FIELD CANNON RELIC
KING GEORGE I
miniature cannon barrel dates from the about 1690. Made in England, the bronze barrel is stamped, with
a GR (King George I)royal crown cartouche to the left of the touch hole and a royal crown Broad
Arrow cartouche to the right.
is a bronze barreled miniature cannon barrel which is mounted on an 17th Century Field carriage that dates
from about 1694. The trunnions are placed below the center line of the barrel which indicates that it was made prior to 1725 per
explained below . The triangular block in the picture was used for elevating the barrel. SIGNIFICANCE
OF TRUNNION PLACEMENT: Trunnions are the cylinders projecting from the side of the tube. They
were first introduced in cannons in 1705. Their placement on the barrel helps to date when the cannon was made. Before 1725
they were located low down as in this case. 1725, is when the so-called Cronstedt system was established. After
the Cronstedt system was established, trunnions were placed at the middle of the tube just forward of the center of mass.
Based on the location of the trunnions, it can be concluded that most cannons with this placement were likely cast before
1725. When it comes to the building material of the cannons, the Cronstedt system focused on those made out of iron only.
Since this cannon is of bronze, the dating is not entirely conclusive and we believe it was made late in the seventeenth
century. The picture below shows
the trunion’s placement, and also the area where there is no patination.
This fine old
cannon is being sold for display purposes only. No attempt should be made to fire it! DIMENSIONS:Cannon Length overall 8 3/8″ Weight 2
pounds 13 ounces
17/32″ or .53 Cal
Diameter at last reinforcing band 1.30″ Diameter at 1st reinforcing band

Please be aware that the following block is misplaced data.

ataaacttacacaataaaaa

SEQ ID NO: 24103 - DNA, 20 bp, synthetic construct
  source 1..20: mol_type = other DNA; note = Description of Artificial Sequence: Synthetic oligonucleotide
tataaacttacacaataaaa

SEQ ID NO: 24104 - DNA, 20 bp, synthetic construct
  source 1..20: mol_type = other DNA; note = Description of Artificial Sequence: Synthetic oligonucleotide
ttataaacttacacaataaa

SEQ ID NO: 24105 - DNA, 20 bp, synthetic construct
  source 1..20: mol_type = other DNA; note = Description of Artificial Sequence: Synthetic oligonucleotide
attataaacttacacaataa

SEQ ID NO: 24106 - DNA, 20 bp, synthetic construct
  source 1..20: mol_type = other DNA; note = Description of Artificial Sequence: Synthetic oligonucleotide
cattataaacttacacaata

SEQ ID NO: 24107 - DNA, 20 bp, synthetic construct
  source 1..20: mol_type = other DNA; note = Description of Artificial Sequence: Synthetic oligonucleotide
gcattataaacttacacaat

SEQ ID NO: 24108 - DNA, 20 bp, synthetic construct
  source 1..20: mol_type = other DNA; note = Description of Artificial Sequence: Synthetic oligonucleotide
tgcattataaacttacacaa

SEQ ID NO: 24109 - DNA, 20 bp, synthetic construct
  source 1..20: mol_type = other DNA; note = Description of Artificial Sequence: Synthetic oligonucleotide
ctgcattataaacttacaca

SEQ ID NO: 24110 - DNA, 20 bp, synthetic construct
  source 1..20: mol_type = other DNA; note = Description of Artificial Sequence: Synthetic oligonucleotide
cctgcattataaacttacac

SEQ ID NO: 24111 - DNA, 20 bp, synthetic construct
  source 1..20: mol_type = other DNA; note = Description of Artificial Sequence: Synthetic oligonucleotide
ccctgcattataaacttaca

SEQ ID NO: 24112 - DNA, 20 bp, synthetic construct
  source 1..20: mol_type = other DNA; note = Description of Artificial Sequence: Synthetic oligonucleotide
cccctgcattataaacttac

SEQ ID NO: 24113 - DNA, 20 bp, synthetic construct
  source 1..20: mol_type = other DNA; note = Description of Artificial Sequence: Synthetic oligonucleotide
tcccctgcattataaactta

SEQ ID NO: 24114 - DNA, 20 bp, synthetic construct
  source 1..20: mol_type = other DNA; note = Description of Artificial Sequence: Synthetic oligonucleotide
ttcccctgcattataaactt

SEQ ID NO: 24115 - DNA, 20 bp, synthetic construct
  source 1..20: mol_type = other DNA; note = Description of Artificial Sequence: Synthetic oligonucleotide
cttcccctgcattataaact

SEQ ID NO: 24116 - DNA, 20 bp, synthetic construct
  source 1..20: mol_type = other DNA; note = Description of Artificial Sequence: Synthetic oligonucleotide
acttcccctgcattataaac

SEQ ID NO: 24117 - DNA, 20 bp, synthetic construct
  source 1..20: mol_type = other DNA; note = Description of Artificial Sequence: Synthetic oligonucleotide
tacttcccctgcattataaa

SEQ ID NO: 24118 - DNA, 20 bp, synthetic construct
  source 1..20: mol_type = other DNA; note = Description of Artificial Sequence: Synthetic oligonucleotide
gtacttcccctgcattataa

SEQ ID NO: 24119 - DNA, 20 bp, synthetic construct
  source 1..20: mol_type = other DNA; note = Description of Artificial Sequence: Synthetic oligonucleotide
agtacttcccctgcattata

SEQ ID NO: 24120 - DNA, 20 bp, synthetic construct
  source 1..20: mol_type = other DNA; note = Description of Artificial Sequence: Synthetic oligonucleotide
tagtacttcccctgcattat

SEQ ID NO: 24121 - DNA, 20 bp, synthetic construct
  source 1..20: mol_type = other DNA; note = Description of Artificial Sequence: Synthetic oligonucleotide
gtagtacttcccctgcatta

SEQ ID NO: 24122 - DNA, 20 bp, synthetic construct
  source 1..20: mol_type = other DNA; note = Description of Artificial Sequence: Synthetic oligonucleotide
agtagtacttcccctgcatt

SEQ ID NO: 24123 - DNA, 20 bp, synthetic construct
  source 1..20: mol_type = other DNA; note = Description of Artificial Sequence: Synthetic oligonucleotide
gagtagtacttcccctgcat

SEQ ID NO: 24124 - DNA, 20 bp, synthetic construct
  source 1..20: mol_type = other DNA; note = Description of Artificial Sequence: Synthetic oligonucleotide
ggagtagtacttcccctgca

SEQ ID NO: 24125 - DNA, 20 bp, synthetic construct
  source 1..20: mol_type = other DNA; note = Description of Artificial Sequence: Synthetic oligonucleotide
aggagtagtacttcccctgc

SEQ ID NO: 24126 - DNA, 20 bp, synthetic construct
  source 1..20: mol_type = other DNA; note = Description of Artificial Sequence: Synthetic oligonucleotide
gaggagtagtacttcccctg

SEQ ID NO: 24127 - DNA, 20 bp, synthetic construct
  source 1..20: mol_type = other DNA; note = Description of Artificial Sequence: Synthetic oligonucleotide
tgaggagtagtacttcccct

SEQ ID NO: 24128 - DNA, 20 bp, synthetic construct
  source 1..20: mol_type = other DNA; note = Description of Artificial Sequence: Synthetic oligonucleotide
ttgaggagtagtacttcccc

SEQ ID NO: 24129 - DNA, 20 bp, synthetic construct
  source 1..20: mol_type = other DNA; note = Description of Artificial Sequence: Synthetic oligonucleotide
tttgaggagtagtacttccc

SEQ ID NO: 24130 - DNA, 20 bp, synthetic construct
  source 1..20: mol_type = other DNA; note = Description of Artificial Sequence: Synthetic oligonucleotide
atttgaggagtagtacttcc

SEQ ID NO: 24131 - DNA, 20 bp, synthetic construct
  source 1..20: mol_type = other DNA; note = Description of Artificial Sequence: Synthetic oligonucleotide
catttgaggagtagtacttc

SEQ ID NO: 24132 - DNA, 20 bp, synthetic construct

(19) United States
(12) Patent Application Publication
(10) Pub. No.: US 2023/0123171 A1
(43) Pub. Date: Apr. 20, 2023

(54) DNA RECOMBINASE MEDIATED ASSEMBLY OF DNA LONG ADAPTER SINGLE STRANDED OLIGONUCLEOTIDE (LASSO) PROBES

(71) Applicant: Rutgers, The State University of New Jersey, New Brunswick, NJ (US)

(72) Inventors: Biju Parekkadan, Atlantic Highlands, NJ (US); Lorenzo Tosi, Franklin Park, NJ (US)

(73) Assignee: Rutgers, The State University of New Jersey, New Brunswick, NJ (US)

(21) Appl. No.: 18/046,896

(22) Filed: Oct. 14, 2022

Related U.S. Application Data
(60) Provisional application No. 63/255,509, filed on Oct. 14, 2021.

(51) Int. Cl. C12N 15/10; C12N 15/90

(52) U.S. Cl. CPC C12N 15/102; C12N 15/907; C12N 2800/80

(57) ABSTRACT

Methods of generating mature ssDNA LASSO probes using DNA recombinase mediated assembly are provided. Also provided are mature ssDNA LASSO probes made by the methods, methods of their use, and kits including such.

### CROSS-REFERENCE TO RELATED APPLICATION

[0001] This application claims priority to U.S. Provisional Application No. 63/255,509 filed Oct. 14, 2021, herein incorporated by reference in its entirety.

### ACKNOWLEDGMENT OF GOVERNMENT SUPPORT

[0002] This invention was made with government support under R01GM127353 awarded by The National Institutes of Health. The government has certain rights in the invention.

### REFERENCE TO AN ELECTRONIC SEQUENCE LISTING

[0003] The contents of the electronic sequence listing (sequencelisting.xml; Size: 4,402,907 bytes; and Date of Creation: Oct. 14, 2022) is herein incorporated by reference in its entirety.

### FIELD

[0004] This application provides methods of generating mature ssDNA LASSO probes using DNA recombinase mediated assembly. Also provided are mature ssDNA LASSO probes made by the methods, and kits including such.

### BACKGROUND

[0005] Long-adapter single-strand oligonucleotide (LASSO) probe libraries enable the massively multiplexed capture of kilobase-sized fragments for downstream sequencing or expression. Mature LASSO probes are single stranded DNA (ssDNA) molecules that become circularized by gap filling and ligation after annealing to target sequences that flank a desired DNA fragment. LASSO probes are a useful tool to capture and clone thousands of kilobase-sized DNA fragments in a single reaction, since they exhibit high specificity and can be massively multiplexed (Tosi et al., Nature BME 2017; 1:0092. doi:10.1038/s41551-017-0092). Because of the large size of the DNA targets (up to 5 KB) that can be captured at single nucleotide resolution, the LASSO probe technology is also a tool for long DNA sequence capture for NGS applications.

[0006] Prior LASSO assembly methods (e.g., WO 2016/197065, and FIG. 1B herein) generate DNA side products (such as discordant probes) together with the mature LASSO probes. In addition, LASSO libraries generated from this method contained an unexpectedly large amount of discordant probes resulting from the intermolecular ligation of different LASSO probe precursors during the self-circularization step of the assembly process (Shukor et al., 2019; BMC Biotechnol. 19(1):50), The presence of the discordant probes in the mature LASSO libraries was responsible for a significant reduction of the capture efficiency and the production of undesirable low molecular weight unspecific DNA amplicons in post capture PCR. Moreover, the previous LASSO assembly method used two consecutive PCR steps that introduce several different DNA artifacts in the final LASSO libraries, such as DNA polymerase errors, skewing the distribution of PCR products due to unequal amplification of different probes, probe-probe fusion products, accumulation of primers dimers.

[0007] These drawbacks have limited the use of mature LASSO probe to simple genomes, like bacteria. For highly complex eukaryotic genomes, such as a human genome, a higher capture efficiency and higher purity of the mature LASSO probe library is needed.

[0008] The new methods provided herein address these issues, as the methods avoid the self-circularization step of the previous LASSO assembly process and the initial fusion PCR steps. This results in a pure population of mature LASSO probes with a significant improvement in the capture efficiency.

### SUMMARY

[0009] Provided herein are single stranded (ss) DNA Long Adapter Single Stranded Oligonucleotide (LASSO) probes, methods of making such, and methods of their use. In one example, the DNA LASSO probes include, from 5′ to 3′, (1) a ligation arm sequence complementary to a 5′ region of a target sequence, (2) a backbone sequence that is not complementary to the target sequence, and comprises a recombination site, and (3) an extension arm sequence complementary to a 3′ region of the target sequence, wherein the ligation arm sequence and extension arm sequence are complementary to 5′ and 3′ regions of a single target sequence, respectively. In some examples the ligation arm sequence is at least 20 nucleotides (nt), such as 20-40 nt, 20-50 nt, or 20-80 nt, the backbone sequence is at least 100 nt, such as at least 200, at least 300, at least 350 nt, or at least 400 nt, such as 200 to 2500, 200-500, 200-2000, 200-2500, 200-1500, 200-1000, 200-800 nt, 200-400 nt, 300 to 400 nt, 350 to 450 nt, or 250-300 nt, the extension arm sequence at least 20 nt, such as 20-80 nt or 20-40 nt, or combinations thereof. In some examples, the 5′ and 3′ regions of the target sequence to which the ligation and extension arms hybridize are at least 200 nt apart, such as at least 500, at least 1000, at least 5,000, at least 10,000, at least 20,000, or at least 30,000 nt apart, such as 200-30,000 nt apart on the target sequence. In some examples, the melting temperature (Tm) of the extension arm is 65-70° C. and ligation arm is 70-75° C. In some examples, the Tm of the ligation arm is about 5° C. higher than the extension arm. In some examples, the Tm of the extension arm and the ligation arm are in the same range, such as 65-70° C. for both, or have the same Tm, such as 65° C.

5 1/2″ Carriage 4″
H x 5 1/2″ W x 12″ L x 4 1/2″ Dia. wheels. GEORGE
I (George Louis; German: Georg Ludwig; 28 May 1660 – 11 June 1727) was King of Great Britain and Ireland from 1 August
1714 until his death, and ruler of the Duchy and Electorate of Brunswick-Lüneburg (Hanover) in the Holy Roman Empire
from 1698. George
was born in Hanover and inherited the titles and lands of the Duchy of Brunswick-Lüneburg from his father and uncles.
A succession of European wars expanded his German domains during his lifetime, and in 1708 he was ratified as prince-elector
of Hanover. At the age of 54, after the death of Queen Anne of Great Britain, George ascended the British throne as the first
monarch of the House of Hanover. Although over fifty Roman Catholics bore closer blood relationships to Anne, the Act of Settlement
1701 prohibited Catholics from inheriting the British throne; George was Anne’s closest living Protestant relative. In
reaction, Jacobites attempted to depose George and replace him with Anne’s Catholic half-brother, James Francis Edward
Stuart, but their attempts failed. During
George’s reign, the powers of the monarchy diminished and Britain began a transition to the modern system of cabinet government
led by a prime minister. Towards the end of his reign, actual power was held by Sir Robert Walpole, now recognized as Britain’s
first de facto prime minister. George died on a trip to his native Hanover, where he was buried.
hole is open to the bore. The wood carriage is not original to this barrel, but replicates the same era/ It
was purchased years ago in Europe and is
in excellent condition. The original carriage was sailor made for a ship. There are the expected marks of age consisting
of old small dings on the top and bottom of the barrel. The bronze has a pleasing patina ranging in color from
light to dark black. There is little to no patina on the underside of the barrel which is pictured below the second paragraph. There
is some roughness around the touch hole which may indicate that it has been fired, which we do not recommend. The
barrel, pictured below is stamped with a royal crown over GR standing for George Rex beneath the touch
hole and shows above
the touch hole a royal crown with a Board Arrow mark beneath a royal crown signifying in the king’s service
The picture below shows a three quarter view of
the back of the George I field carriage which replictates the same era as that of the cannon’s barrel.
The elevation block is in place. The block is moved in or out to change the elevation of the cannon